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“The Sunday Political Brunch”—February 28, 2016

Sunday, February 28, 2016


In sports you often hear talk about the “home field advantage,” meaning that when you play in your own backyard, you have a better chance of winning. Sometimes that proves true; sometimes not. But some upcoming primaries feature the home states of candidates, and the possible "home court advantage" bears investigation. Let’s “brunch” on that this week.

“Cruz/Texas” – Senator Ted Cruz (R) Texas needs a win badly. Yes, he won Iowa; but subpar finishes in New Hampshire, South Carolina and Nevada put his prospects in doubt. His home state of Texas offers the biggest delegate prize this coming Super Tuesday, March 1, with 155 delegates being awarded. A Monmouth University poll out this week has it: Cruz, 38 percent; Trump, 23 percent; and, Rubio, 21 percent; with Kasich and Carson "in the weeds." Texas is a “must win” for Cruz, or his campaign is over.

“Rubio/Florida” – Senator Marco Rubio (R) Florida, is also in desperate need of a win. Like Cruz, whenever Rubio finishes second or third, he oddly claims some semblance of victory. That claim might have had some validity in the first few states, but not anymore. In the latest Quinnipiac Poll from February 25, it was: Trump, 44 percent; Rubio, 28 percent; and Cruz, 12 percent. Former Governor Jeb Bush (R) Florida polled at 4 percent, but even if he successfully threw all of his support to Rubio, the home state senator is still 12 points behind. A devastating loss in Florida on March 15 may end Rubio’s campaign.

“Kasich/Ohio” – The prospects are much brighter for Governor John Kasich (R) Ohio. He could even lose the Ohio primary on March 15, and still remain in the race. In the latest Quinnipiac Poll, it is: Trump, 31 percent; Kasich, 26 percent; Cruz, 21 percent; and Rubio, 13 percent. Here’s why Kasich is still viable even if he loses. The same Quinnipiac Poll pondered potential GOP match-ups against Hillary Clinton in November, and all Republicans won - Kasich by 17 points; Rubio by 5; Cruz by 3; and Trump by 2. To me, this signals that Kasich has a lock on the Vice Presidential nomination. The GOP never wins the White House unless it carries Ohio!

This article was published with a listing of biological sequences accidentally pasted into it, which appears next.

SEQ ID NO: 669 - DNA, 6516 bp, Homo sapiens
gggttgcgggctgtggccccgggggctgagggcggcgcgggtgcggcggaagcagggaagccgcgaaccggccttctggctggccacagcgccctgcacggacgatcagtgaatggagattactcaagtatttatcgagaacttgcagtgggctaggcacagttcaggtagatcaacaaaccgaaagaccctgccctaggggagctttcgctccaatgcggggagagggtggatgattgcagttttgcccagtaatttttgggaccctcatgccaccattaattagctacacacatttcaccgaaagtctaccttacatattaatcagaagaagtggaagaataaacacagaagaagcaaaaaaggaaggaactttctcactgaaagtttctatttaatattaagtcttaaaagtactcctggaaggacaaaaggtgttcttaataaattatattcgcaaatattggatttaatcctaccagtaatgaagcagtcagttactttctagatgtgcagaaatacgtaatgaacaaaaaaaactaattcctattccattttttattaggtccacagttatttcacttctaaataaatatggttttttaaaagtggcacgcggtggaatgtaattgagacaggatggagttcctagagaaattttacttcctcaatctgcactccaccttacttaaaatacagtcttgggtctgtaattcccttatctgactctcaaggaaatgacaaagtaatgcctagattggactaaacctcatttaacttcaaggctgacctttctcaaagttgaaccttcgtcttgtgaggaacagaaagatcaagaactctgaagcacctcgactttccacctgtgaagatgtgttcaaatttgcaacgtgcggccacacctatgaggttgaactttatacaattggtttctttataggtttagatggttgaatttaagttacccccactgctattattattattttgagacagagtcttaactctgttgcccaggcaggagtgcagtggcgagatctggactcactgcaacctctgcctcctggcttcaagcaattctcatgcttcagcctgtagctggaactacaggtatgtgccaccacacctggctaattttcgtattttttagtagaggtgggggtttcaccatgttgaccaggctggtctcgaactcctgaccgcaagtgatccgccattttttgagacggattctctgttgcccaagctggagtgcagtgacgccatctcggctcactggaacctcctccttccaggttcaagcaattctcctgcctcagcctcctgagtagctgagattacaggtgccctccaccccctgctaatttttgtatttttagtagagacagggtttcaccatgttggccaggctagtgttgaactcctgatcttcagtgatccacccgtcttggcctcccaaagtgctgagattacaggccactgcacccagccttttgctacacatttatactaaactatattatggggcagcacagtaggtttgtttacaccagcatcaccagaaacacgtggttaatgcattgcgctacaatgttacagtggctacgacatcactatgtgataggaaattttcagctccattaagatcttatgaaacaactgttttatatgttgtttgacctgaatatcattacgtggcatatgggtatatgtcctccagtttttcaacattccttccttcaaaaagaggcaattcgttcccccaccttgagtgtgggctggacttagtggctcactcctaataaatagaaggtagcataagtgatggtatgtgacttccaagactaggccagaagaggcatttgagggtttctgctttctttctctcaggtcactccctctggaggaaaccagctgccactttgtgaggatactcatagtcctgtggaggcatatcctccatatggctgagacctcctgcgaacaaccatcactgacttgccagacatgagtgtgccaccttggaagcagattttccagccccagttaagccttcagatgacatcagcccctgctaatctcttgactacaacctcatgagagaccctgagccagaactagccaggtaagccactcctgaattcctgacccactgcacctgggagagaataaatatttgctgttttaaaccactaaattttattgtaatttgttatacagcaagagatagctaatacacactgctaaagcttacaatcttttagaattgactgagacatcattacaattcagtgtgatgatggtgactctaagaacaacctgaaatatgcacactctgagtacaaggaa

“Paul/Kentucky” – Yes, I know Senator Rand Paul (R) Kentucky dropped out of the race, but his home state still holds a caucus next Saturday, March 4, which I will be covering. In fact, the early primary was held just so Paul could run in the Presidential primary in March and also in the U.S. Senate primary in May. Paul is an “outsider” in the Republican Party; and you would think that would appeal to the Trump crowd, since Trump is an outsider, too. The truth is that the two men can’t stand one another – as witnessed by the early debates. Paul led all home state polls in 2015, but is now out of the race. It will be fascinating to see where his supporters go.

“Sanders/Vermont” – Super Tuesday will provide a slam dunk win for Bernie Sanders in his home state. Vermont is one of the most liberal states in the nation. The thing to watch is whether that helps carry Sanders to victory in the neighboring, liberal state of Massachusetts, which would be a huge blow to former Bay State resident Hillary Clinton. Sanders is likely to do well in liberal bastions such as Colorado and Minnesota on Super Tuesday, as well.